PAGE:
VMware Joins AT&T, Verizon, IBM on Unsettling 2019 Layoffs List
VMware on Wednesday confirmed that it will shed a “limited” number of jobs this week, in what the company says are routine layoffs, part of standard workforce rebalancing.
The vendor, 82 percent of which is owned by Dell Technologies, will try to find new positions for some of the impacted employees where it strategically makes sense. It also plans to continue hiring new employees. VMware reportedly has 2,000 job openings listed on its website.
“We can confirm that there have been a limited number of changes to our workforce this month,” the Palo Alto, California-based company said in a written statement. “This is a part of regular workforce rebalancing that ensures resources across VMware’s global businesses and geographies are aligned with strategic objectives and customer needs. We have an active employee support program to ensure, where possible, impacted employees will be redeployed to open roles within VMware. We continue to recruit in areas of strategic importance for the company.”
About one year ago, VMware also confirmed a small reduction in its workforce as part of routine housecleaning.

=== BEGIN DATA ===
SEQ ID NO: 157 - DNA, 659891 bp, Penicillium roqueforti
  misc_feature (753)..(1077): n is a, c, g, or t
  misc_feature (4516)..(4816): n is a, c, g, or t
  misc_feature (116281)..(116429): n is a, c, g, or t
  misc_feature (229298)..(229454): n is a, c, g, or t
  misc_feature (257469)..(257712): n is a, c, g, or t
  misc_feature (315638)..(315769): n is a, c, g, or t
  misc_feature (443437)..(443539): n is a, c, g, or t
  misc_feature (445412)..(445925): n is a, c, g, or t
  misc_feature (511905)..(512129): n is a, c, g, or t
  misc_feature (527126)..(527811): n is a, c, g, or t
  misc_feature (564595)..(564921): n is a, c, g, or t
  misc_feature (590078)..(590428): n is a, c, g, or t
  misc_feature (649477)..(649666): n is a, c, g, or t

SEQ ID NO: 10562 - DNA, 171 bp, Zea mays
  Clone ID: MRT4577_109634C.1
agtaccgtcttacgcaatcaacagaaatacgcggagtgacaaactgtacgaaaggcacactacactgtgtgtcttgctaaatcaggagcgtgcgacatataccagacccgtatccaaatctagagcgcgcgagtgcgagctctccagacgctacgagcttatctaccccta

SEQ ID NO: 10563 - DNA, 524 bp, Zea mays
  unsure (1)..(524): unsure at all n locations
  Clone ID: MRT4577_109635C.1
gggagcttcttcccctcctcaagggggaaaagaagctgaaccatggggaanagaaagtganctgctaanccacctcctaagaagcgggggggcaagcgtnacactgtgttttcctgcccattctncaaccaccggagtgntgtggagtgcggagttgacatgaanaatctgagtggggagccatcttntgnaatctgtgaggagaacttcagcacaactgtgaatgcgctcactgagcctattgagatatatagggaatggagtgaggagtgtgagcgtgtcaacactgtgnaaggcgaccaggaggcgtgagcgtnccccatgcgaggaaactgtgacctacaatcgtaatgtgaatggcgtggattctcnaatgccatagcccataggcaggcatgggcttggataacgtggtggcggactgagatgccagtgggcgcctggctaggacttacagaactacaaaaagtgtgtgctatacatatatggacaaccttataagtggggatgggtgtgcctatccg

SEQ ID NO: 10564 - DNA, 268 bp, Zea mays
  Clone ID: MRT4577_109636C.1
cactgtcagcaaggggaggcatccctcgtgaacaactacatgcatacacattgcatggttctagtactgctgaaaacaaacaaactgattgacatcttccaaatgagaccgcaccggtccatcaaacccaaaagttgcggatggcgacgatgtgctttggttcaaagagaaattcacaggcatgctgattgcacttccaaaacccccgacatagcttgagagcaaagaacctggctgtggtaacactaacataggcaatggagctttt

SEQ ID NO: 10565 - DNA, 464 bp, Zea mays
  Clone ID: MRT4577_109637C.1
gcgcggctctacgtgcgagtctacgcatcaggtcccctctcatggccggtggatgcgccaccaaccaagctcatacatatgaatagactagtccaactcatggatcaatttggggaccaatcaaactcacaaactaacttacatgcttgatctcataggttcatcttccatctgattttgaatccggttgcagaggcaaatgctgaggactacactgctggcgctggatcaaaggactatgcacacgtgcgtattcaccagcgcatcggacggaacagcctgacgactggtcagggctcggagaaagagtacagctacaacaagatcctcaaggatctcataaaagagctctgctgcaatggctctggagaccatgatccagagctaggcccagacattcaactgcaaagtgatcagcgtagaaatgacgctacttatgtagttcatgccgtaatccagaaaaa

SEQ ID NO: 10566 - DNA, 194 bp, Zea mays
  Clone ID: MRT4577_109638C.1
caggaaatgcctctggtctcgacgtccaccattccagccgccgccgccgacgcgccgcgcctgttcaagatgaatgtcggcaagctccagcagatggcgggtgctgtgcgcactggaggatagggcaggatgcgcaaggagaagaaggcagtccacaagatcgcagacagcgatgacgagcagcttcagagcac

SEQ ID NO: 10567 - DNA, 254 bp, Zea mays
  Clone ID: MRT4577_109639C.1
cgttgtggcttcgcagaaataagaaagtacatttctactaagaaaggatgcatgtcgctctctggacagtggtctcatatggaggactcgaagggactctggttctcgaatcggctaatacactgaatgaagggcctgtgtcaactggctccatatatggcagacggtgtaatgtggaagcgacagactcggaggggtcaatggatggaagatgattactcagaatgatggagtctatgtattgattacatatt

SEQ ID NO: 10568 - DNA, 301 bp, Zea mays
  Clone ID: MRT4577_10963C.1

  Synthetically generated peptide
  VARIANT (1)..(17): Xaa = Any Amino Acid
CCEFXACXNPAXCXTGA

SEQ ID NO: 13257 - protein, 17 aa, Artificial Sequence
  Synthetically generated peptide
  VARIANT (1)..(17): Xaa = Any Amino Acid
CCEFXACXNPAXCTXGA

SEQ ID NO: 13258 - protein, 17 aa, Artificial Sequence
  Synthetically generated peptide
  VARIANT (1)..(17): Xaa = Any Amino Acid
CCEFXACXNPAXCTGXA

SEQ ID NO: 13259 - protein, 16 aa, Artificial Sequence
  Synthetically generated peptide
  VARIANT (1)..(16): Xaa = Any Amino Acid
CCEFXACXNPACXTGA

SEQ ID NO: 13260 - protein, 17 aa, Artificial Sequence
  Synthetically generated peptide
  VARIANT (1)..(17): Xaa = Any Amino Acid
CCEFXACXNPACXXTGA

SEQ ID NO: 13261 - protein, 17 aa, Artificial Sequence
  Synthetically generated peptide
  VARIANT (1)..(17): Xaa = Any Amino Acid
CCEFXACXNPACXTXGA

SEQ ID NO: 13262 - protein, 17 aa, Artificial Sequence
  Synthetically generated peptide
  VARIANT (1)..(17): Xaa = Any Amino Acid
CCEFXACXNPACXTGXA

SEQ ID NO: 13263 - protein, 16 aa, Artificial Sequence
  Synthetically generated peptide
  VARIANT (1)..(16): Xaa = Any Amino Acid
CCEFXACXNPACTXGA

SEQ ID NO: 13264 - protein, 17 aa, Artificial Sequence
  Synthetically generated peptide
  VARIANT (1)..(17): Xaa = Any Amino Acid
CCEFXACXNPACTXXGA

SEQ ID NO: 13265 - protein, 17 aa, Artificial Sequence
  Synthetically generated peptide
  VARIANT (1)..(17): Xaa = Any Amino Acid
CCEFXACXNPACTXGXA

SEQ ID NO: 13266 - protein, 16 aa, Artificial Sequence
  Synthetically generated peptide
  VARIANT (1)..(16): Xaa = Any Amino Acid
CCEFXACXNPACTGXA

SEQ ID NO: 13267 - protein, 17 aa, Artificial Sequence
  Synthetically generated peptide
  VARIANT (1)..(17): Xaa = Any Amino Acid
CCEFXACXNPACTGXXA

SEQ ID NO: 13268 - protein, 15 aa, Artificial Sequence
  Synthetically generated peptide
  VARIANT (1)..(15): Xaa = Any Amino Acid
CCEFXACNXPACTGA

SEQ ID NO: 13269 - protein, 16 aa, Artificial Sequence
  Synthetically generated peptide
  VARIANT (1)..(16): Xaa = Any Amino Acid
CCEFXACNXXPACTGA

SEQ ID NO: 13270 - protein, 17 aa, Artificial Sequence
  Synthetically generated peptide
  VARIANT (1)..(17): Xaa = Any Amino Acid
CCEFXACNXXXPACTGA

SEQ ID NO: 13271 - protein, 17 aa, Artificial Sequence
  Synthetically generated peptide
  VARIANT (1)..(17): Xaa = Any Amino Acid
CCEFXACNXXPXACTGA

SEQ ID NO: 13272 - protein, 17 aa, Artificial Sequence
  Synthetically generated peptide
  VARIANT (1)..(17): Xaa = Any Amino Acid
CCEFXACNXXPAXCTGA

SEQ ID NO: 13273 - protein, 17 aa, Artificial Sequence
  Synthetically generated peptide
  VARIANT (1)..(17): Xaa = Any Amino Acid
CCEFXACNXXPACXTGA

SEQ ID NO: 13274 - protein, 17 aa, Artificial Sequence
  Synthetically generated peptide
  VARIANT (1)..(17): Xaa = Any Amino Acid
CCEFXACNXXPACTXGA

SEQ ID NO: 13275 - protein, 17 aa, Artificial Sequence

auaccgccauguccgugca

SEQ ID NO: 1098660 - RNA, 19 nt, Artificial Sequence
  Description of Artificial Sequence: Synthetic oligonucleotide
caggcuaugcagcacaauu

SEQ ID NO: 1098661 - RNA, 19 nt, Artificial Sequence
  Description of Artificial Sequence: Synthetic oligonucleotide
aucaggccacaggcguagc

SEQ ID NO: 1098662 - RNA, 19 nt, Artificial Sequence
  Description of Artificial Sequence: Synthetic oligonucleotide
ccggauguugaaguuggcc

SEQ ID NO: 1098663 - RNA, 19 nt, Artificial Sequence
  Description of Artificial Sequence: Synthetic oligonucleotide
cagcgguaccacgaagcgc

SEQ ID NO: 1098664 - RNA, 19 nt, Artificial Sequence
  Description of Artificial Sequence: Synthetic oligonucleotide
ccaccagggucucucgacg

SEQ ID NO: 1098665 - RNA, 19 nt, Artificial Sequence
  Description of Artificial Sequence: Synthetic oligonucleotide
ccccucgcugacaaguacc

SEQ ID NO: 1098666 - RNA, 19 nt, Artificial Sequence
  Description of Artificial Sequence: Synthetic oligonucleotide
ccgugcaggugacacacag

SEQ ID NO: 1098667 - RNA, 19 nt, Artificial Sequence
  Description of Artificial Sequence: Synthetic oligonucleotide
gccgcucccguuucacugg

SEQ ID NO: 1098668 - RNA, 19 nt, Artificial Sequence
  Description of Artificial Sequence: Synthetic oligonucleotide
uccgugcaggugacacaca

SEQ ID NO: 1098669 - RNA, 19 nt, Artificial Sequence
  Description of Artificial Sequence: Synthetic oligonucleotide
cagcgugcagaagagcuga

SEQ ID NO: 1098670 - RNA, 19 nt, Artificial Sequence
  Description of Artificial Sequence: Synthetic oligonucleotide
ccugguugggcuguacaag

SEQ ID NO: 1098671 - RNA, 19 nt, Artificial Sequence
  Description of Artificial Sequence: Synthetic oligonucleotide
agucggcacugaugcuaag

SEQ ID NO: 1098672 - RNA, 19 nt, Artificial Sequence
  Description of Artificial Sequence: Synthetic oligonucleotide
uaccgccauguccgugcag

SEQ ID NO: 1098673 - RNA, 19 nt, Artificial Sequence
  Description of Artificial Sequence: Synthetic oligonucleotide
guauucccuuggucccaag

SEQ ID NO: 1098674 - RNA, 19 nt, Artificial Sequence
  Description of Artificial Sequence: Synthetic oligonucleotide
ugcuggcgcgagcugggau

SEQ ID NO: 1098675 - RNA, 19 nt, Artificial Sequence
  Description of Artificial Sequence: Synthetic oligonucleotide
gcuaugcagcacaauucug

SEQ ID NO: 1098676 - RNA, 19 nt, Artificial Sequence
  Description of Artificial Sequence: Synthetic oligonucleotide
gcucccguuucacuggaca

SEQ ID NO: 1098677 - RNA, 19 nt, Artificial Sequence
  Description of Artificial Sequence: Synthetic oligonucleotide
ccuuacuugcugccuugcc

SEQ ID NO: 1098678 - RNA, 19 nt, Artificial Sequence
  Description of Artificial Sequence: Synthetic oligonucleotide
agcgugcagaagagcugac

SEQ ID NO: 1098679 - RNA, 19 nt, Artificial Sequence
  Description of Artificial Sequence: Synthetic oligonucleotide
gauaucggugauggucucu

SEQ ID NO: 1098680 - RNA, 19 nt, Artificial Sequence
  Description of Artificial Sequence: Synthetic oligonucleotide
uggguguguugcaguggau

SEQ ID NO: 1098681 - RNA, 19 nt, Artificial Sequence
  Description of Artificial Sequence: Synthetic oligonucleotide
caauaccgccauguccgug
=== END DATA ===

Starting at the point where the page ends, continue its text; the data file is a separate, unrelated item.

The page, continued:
News of the layoffs comes on the heels of the completion of the Dell technologies Class V common stock (DVMT) transaction on Dec. 28. VMware says that payment is $11 billion.
At the same time, Dell Technologies went back on the stock exchange as a publicly traded company.
“Our world is undergoing a digital transformation that will change every aspect of how we live, work and operate as a society,” said Michael Dell, chairman and CEO of Dell Technologies, in a company statement. “Dell Technologies was created to be the essential infrastructure company for this digital era, and with today’s announcement, we are aligning the interests of our stakeholders to benefit from the integrated innovations and value creation from across our entire family of businesses.”
Already this year, we’ve received confirmations from telco giants AT&T and Verizon that they are cutting jobs, as well as some former IBM workers who got pink slips after Big Blue sold one part of its business.